The Supreme Court of Canada ordered a new trial for Robert Latimer.
Dr. Nancy Morrison was charged with the first-degree murder of a terminally ill patient who had been removed from active life support.
Robert Latimer, having again been convicted of second-degree murder, was sentenced to two years less a day, notwithstanding that the minimum sentence under the Criminal Code is life in prison with no possibility of parole for 10 years.
A Nova Scotia judge found that there was not sufficient evidence for a jury to convict Dr. Nancy Morrison, and refused to commit her to trial.
Dr. Maurice Généreux was sentenced to two years less a day and three years' probation for providing drugs to two non-terminal patients so that they might commit suicide. The next year, that sentence was confirmed by the Ontario Court of Appeal.
The Saskatchewan Court of Appeal confirmed the conviction of Robert Latimer and imposed a sentence of life imprisonment with no eligibility for parole for 10 years.
Bill S-29, An Act to amend the Criminal Code (Protection of Patients and Health Care Providers), was introduced in the Senate by Senator Thérèse Lavoie-Roux. The bill died with the prorogation of Parliament.
Bill S-2, An Act to facilitate the making of legitimate medical decisions regarding life-sustaining treatments and the controlling of pain, was introduced in the Senate by Senator Sharon Carstairs. It was referred to the Standing Senate Committee on Legal and Constitutional Affairs in February 2000.
The Senate Subcommittee studying developments with respect to the unanimous recommendations made in Of Life and Death in 1995 submitted its report, entitled Quality End-of-Life Care: The Right of Every Canadian.
The Supreme Court of Canada upheld the decision of the Saskatchewan Court of Appeal with regard to Robert Latimer.
Marielle Houle was charged with aiding and abetting the suicide of her 36-year-old son, Charles Fariala.
Evelyn Martens was acquitted of aiding and abetting the suicides of two women that took place in 2002.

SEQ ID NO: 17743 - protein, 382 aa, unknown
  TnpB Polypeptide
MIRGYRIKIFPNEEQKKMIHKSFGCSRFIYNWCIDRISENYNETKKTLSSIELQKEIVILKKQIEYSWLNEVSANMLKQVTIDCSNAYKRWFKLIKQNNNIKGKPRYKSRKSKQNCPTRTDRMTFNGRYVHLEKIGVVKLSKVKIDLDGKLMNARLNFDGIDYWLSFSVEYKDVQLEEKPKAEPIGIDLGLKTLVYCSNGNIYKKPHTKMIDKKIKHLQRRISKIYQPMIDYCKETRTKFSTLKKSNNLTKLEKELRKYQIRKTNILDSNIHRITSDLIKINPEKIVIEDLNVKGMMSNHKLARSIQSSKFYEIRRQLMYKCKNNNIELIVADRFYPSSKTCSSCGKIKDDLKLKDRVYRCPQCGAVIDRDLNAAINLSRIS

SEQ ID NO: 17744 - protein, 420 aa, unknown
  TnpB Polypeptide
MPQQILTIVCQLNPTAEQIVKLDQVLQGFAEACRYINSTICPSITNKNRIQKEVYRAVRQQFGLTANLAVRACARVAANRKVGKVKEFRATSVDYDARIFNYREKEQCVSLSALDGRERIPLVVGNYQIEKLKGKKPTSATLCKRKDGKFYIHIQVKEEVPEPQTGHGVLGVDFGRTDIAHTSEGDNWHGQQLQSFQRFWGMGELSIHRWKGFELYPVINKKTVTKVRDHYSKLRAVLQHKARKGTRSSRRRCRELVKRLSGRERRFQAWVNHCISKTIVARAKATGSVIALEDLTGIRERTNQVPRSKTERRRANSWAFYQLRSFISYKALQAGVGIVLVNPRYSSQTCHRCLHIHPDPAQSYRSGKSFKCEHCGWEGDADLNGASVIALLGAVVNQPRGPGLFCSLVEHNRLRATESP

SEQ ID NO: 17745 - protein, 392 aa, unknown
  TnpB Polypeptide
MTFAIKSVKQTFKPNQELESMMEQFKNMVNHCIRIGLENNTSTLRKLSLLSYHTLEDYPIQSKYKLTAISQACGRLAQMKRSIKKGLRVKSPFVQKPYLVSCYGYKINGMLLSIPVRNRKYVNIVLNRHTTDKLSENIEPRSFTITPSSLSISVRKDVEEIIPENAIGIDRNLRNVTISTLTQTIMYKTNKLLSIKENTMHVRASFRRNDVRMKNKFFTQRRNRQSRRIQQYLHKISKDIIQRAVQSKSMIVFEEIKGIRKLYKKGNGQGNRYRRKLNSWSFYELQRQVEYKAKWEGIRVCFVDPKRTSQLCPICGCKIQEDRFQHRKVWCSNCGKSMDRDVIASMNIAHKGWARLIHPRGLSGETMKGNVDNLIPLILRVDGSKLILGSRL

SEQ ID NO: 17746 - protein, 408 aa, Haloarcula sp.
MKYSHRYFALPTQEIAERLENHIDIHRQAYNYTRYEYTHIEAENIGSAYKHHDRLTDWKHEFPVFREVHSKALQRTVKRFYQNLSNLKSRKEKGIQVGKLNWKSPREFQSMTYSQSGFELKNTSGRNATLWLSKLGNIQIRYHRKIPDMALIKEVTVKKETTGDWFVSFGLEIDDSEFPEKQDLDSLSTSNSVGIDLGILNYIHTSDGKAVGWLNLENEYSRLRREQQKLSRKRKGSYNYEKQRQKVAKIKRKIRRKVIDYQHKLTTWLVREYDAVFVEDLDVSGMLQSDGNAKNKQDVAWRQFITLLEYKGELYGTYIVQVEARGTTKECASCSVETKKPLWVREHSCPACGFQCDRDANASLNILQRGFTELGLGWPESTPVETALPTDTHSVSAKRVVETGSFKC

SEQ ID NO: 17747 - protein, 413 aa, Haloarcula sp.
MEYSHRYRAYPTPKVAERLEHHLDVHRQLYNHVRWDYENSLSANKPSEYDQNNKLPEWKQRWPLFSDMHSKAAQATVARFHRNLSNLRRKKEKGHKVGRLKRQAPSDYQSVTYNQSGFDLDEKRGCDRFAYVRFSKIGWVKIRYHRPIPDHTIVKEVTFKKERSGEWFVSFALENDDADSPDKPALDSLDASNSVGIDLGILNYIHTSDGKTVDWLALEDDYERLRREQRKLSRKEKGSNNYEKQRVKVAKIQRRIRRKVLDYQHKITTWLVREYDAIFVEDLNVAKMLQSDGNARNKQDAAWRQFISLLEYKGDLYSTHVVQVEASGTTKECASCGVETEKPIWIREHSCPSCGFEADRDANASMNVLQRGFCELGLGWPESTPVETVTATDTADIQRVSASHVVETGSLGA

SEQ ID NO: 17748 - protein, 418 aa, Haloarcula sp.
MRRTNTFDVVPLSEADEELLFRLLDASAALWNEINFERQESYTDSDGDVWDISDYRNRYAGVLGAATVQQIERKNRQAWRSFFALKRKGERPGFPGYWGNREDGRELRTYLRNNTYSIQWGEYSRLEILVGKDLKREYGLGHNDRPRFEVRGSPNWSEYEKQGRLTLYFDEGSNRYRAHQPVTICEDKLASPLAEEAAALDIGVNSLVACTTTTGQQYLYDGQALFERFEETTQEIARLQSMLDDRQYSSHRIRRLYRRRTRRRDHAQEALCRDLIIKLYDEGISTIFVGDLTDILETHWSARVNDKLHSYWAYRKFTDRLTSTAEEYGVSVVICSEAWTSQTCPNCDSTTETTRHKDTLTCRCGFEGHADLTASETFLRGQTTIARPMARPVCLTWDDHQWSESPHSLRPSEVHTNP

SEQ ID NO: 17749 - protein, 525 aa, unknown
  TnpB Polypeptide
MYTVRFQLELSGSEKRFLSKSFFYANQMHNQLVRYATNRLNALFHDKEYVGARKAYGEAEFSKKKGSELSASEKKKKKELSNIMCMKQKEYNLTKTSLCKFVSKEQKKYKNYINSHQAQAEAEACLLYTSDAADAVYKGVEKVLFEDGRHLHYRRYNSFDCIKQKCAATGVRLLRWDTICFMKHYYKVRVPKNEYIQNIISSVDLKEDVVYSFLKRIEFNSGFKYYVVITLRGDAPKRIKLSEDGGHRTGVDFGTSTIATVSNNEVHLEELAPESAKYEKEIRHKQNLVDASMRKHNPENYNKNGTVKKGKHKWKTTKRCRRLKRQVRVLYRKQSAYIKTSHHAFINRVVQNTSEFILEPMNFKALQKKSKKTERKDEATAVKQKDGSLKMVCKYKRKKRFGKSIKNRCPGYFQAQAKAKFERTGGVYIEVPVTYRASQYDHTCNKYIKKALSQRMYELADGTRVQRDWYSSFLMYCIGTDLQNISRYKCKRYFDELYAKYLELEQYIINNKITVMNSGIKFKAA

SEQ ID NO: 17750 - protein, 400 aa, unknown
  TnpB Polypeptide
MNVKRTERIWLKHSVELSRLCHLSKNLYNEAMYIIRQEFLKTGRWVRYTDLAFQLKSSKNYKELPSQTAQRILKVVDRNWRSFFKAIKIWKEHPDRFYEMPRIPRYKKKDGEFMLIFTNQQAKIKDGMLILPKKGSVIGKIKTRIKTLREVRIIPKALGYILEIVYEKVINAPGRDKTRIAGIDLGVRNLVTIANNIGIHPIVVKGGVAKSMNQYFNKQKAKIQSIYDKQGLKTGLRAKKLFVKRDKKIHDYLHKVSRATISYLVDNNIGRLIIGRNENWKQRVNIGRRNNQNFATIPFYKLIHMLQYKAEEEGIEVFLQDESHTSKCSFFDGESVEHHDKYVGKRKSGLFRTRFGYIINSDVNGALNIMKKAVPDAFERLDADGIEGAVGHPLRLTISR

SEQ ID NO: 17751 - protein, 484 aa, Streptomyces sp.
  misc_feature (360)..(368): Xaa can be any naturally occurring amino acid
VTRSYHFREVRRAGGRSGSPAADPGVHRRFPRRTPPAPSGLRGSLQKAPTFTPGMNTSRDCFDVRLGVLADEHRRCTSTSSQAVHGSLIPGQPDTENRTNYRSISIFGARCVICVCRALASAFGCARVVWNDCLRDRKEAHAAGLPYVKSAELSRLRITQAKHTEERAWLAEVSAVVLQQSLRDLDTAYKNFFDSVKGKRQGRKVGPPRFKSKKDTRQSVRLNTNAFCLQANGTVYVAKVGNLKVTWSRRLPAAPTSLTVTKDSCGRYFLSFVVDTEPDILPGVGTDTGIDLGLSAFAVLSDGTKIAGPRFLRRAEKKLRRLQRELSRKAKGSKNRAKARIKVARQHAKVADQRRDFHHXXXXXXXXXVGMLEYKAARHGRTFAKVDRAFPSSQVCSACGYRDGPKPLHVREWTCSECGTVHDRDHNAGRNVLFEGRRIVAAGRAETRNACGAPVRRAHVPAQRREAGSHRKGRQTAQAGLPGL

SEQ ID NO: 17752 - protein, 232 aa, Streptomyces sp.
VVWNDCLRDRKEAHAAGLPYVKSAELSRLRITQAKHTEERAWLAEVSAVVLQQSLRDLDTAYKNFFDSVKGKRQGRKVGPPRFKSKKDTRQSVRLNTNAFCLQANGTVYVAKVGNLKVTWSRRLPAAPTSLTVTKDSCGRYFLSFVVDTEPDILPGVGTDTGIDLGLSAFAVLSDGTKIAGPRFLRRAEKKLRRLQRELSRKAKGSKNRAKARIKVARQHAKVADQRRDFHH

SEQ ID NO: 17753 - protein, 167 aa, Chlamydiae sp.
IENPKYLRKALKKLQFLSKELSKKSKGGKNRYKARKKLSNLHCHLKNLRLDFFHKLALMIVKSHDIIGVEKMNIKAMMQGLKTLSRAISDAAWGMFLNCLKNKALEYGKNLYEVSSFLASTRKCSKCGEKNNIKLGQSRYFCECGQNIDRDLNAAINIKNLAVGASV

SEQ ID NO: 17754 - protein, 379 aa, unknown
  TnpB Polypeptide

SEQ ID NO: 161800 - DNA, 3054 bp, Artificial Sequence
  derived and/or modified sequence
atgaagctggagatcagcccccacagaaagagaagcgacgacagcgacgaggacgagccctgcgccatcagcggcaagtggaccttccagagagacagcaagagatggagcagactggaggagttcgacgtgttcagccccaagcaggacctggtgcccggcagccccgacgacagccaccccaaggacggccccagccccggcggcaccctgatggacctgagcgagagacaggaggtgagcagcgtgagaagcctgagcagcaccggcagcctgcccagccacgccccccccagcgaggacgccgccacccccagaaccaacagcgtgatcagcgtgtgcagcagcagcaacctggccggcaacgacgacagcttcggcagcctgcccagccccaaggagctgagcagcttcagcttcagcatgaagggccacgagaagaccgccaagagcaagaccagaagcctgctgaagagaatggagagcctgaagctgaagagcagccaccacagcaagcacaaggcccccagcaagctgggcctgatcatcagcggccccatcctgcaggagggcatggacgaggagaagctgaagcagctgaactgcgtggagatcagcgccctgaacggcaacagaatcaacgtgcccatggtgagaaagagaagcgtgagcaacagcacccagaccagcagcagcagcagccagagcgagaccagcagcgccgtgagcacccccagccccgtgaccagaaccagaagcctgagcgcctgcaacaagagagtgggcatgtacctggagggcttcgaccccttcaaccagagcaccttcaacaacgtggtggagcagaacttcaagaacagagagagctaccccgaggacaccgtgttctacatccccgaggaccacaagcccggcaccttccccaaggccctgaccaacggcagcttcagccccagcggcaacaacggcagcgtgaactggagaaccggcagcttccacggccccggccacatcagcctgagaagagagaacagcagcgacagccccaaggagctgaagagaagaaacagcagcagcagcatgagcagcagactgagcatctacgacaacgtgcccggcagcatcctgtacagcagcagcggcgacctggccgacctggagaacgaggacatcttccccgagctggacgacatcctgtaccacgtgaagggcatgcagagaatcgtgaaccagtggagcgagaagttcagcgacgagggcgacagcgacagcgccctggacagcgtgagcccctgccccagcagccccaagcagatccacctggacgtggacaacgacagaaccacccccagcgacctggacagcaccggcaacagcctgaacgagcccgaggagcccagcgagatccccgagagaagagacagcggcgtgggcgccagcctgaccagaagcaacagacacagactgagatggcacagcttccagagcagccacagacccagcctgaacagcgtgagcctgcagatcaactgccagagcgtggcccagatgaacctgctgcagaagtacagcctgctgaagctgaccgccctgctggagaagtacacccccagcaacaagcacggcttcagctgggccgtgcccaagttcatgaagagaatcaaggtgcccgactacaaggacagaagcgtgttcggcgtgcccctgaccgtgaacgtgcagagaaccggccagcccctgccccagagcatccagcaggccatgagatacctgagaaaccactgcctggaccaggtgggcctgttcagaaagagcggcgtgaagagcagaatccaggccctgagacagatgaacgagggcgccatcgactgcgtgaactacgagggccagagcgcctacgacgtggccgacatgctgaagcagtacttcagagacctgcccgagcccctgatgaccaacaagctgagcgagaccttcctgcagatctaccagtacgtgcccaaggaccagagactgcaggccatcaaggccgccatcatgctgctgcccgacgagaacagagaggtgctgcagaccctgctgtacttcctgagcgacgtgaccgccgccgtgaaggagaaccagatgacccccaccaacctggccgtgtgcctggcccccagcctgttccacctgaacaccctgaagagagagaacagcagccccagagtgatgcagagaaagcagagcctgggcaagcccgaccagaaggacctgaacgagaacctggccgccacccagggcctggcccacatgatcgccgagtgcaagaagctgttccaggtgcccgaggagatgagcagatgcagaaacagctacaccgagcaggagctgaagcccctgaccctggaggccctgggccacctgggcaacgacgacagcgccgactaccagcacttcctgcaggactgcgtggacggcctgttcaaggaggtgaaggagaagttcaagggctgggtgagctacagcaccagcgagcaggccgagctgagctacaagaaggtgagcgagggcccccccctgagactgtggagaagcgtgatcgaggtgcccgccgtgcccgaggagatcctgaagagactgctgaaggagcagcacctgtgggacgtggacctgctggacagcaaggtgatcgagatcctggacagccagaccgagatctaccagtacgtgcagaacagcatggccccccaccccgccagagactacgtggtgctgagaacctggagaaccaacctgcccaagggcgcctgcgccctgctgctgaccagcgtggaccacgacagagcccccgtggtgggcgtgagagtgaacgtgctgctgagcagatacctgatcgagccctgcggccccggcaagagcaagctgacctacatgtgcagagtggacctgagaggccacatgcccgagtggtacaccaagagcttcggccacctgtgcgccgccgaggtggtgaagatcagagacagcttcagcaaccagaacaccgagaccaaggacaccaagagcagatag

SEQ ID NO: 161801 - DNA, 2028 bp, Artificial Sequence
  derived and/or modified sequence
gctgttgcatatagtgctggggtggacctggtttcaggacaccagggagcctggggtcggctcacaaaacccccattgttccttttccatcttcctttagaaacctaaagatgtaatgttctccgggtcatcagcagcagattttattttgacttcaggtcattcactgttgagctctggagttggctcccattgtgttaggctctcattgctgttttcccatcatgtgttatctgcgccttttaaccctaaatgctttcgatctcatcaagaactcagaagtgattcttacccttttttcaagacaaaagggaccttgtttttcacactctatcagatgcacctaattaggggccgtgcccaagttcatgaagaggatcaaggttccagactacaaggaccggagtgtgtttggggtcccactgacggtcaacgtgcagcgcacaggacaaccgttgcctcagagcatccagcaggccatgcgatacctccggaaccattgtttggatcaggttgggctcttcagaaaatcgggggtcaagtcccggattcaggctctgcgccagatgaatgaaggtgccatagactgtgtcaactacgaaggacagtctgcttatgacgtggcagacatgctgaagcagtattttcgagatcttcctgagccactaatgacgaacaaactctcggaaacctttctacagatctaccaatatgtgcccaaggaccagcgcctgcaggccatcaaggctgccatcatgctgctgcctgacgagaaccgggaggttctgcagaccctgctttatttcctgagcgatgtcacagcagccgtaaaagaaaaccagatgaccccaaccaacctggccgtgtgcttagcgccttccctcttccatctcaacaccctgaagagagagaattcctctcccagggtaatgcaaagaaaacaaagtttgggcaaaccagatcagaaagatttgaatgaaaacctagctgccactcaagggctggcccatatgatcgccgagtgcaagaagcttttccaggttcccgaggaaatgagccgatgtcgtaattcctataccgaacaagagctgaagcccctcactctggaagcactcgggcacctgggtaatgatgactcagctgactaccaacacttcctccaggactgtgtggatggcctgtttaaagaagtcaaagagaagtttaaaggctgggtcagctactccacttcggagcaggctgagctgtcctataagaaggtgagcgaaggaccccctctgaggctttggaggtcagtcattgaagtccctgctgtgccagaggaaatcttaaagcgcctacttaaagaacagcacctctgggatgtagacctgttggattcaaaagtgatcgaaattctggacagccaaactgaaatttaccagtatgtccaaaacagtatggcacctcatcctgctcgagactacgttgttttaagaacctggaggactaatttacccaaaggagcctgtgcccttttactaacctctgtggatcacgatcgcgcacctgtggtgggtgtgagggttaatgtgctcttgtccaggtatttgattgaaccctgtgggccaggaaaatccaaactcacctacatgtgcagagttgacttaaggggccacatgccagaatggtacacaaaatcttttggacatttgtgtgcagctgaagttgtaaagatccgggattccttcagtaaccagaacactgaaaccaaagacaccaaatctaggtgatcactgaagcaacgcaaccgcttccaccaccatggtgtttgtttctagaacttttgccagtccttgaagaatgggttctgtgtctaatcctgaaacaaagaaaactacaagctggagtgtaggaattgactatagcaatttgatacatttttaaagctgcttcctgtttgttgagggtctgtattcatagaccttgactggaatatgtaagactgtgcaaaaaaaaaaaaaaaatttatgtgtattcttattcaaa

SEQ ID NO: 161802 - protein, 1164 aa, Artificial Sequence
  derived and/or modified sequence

Bill C-407, An Act to Amend the Criminal Code (right to die with dignity) was introduced by Francine Lalonde, MP.
André Bergeron was charged with the attempted murder of his spouse, Marielle Gagnon, who had Friedreich's ataxia.
Bill C-407 was given one hour of debate in the House of Commons. It died on the Order Paper in November 2005 with the dissolution of Parliament.
Marielle Houle pled guilty to aiding and abetting the suicide of her son, and was sentenced to three years' probation.
Raymond Kirk pled guilty to aiding the suicide of his ailing wife. The Ontario Court of Justice sentenced him to three years' probation.
André Bergeron was sentenced to three years' probation for aggravated assault in relation to the death of his wife.
A Health Psychology study found that 6% of patients in palliative care surveyed (22 out of a total of 379) said that they would request physician-assisted suicide if such a procedure were legally available.
The Canadian Medical Association's Committee on Ethics found it unnecessary to radically alter the association's position on euthanasia and assisted suicide. The CMA's policy therefore still prohibits physician participation in either of these acts.
Dr. Ramesh Kumar Sharma was sentenced for aiding the suicide of Ruth Wolfe, a 93-year-old woman who suffered from heart problems. The court imposed a sentence of two years less a day to be served in the community.
An Ipsos Reid survey of 1,005 Canadians found that 76% of respondents supported the right to die for patients with an incurable disease (this figure has remained unchanged for 14 years). The strongest support was in Quebec with 87%, while Alberta had the lowest, with 66%.
The RCMP decided not to lay charges in the assisted suicide case of Elizabeth MacDonald, a Canadian with multiple sclerosis who died in Switzerland with the assistance of the organization Dignitas.
The Appeal Division of the National Parole Board granted Robert Latimer day parole.
MP Francine Lalonde introduced Bill C-562, An Act to amend the Criminal Code (right to die with dignity).
Bill C-562 died on the Order Paper with the dissolution of Parliament.
Stéphan Dufour was acquitted by a jury of assisting his uncle to commit suicide, due to Mr. Dufour's limited mental capacity. That verdict is under appeal.
Ms. Lalonde introduced Bill C-384, which is identical to Bill C 562. It was negatived on 21 April 2010 by a vote of 228 to 59.
The Quebec legislature mandated a Select Committee on Dying with Dignity to consult the public in that province on the topic of dying with dignity.
Peter Fonteece pled guilty of criminal negligence causing death because he did not seek assistance for his wife when she killed herself as part of their suicide pact. He was not found guilty of assisting in her suicide.
Senator Sharon Carstairs authored a report on the subject of palliative care, Raising the Bar: A Roadmap for the Future of Palliative Care in Canada.
Robert Latimer was granted full parole.